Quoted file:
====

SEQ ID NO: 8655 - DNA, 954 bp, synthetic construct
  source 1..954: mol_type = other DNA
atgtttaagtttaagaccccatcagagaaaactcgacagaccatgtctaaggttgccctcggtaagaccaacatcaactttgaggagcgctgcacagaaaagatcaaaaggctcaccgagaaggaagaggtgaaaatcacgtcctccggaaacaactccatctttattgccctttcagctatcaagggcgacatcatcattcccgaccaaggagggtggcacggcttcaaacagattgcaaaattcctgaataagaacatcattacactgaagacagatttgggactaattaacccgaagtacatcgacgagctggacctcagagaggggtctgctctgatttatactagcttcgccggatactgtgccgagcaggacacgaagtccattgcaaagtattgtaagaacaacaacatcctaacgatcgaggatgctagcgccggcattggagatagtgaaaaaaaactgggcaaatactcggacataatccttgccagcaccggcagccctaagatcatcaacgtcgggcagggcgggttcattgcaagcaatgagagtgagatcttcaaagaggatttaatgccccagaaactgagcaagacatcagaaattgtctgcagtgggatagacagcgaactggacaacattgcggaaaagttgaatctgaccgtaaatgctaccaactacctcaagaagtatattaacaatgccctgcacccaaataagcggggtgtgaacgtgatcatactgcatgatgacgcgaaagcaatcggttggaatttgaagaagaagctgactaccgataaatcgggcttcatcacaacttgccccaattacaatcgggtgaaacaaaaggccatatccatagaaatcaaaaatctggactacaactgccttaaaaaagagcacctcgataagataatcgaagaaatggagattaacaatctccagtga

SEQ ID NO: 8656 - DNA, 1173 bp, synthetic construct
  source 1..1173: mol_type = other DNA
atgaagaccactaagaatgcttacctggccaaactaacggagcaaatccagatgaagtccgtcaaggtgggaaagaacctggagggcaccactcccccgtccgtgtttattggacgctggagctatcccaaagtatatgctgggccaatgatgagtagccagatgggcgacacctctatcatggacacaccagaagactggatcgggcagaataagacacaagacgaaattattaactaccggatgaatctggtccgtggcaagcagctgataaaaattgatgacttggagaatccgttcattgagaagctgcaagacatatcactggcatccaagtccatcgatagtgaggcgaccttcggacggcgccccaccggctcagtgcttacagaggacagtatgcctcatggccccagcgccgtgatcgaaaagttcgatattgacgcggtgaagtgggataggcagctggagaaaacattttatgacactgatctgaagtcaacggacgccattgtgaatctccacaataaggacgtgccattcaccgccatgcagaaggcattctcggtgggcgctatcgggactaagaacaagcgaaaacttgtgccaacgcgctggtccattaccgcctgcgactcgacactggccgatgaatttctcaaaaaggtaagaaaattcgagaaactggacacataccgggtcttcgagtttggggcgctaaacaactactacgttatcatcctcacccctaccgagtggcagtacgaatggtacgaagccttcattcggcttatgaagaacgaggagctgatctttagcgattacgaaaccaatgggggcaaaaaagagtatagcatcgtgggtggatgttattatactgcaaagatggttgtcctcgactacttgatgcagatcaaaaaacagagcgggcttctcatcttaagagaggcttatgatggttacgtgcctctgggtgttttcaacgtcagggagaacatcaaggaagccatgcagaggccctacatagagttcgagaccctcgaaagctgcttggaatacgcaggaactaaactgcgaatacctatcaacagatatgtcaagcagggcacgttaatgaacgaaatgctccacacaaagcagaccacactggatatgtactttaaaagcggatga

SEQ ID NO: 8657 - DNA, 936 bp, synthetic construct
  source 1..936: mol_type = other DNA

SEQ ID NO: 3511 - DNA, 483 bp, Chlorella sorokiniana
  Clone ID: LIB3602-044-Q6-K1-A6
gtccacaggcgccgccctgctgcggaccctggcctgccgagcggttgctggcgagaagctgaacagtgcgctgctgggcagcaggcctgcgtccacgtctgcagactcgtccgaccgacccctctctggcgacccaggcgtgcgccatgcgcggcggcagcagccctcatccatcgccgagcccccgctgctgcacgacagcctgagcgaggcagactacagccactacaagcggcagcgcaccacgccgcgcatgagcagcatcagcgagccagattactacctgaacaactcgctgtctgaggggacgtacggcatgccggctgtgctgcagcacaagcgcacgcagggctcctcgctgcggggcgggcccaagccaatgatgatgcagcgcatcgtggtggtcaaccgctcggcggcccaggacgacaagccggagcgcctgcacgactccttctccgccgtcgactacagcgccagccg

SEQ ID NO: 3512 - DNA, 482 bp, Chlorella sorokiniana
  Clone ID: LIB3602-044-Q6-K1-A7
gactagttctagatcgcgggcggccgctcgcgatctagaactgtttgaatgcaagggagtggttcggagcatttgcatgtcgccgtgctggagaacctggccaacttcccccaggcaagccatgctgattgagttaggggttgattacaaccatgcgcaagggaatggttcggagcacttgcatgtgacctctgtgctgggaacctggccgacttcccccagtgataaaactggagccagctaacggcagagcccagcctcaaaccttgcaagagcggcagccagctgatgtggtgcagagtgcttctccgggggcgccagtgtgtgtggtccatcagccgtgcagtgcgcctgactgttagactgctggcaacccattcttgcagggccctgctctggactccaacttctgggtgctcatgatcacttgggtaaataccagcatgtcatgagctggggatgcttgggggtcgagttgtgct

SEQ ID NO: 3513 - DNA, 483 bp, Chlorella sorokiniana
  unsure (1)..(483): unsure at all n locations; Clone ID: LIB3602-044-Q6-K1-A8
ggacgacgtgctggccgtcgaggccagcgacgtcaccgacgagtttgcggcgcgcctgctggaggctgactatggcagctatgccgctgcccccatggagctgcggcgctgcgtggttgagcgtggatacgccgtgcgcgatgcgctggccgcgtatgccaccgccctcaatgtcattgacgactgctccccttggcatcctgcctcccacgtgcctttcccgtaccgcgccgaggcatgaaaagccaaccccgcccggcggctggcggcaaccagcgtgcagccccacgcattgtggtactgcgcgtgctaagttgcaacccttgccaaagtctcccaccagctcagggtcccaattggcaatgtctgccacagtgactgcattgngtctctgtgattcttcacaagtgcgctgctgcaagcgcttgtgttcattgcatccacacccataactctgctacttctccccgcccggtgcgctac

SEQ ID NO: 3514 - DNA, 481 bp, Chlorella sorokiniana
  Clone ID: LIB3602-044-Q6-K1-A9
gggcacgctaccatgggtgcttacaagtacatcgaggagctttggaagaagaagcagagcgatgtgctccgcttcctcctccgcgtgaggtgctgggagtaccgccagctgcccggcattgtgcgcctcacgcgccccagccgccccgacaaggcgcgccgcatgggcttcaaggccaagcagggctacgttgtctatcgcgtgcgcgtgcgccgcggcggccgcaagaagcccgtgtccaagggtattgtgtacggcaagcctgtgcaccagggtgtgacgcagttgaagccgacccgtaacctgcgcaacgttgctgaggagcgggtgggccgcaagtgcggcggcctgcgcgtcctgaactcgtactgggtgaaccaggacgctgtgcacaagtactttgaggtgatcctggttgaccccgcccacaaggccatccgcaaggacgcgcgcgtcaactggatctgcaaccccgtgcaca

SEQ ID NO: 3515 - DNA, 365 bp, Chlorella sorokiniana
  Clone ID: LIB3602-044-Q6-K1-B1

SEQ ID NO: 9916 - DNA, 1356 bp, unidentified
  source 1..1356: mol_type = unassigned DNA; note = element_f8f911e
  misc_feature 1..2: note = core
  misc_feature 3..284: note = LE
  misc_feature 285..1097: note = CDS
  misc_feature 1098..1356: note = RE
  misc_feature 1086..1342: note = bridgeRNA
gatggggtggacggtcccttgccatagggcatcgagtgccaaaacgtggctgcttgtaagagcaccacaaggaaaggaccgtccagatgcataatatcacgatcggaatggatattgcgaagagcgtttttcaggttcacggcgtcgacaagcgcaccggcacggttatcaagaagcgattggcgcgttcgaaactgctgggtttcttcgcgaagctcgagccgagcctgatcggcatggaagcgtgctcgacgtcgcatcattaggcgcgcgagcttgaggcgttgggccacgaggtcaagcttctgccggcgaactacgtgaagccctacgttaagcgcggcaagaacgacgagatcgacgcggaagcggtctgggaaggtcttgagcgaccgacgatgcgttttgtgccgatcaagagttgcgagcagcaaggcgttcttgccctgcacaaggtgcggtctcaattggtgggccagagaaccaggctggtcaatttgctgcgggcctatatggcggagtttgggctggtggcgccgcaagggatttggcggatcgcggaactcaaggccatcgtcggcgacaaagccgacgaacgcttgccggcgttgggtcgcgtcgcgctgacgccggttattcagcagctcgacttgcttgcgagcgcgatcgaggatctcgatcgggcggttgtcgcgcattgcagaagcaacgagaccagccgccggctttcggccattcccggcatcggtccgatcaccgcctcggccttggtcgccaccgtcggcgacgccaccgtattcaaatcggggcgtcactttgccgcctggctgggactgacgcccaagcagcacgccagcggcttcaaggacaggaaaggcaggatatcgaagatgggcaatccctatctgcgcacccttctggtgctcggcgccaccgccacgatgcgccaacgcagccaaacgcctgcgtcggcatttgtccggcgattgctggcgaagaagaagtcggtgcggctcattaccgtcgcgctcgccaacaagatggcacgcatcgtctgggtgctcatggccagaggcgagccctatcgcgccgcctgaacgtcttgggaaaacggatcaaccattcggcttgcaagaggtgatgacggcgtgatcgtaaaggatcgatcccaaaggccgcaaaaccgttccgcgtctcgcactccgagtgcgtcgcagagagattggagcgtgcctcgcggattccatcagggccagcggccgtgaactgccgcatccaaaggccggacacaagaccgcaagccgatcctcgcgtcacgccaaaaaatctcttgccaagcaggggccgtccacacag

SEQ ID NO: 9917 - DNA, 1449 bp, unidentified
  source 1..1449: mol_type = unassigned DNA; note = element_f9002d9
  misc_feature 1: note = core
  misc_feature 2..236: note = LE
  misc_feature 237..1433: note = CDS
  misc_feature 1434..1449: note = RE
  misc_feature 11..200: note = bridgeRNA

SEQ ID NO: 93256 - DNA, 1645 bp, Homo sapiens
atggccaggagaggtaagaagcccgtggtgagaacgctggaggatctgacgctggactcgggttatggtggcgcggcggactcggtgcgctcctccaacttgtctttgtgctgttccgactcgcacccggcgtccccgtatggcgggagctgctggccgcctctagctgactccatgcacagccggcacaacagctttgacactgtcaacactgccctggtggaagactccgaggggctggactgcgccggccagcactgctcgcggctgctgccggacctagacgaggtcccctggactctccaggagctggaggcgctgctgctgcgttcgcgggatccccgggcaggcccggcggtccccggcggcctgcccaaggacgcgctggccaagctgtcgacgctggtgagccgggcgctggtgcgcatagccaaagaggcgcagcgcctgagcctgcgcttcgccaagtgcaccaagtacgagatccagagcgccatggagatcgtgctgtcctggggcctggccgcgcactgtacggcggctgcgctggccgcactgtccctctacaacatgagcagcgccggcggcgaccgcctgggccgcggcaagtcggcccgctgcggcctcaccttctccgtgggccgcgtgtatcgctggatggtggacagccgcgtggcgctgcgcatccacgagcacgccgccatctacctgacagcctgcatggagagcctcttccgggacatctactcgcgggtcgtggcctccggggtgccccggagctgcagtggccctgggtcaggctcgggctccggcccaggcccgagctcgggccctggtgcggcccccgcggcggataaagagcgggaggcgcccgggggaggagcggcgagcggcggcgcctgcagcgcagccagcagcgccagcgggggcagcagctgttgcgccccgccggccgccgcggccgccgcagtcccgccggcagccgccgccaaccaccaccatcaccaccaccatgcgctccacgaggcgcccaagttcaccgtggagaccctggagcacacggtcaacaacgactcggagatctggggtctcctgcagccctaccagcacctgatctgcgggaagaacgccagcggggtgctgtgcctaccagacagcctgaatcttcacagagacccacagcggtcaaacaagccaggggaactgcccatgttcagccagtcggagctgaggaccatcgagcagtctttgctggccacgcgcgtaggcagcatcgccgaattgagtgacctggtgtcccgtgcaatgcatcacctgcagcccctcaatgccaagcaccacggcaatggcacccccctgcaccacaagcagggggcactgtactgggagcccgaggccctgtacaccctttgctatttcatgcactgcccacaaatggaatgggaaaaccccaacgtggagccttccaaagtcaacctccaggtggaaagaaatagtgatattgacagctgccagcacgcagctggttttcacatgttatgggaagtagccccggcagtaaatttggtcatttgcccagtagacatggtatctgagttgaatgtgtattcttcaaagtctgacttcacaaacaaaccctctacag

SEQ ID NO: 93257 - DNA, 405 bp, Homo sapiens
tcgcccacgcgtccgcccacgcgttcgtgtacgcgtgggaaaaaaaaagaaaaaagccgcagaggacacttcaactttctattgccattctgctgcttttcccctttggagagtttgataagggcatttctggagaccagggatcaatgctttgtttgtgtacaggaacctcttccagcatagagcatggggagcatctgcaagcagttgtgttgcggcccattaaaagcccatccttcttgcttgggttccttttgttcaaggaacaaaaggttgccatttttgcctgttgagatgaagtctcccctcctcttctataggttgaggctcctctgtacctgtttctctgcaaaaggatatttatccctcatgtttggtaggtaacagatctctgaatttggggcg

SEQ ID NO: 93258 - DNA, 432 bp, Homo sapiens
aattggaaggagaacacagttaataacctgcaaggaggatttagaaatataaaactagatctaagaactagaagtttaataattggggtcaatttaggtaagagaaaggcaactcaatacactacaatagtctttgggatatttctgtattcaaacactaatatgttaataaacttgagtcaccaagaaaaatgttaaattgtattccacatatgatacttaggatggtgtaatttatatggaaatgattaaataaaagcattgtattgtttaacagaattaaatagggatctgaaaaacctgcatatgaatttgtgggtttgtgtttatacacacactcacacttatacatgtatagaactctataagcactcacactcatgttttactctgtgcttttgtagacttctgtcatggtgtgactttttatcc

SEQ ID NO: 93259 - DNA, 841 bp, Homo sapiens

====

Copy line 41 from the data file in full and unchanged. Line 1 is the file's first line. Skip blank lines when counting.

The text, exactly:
tcgcccacgcgtccgcccacgcgttcgtgtacgcgtgggaaaaaaaaagaaaaaagccgcagaggacacttcaactttctattgccattctgctgcttttcccctttggagagtttgataagggcatttctggagaccagggatcaatgctttgtttgtgtacaggaacctcttccagcatagagcatggggagcatctgcaagcagttgtgttgcggcccattaaaagcccatccttcttgcttgggttccttttgttcaaggaacaaaaggttgccatttttgcctgttgagatgaagtctcccctcctcttctataggttgaggctcctctgtacctgtttctctgcaaaaggatatttatccctcatgtttggtaggtaacagatctctgaatttggggcg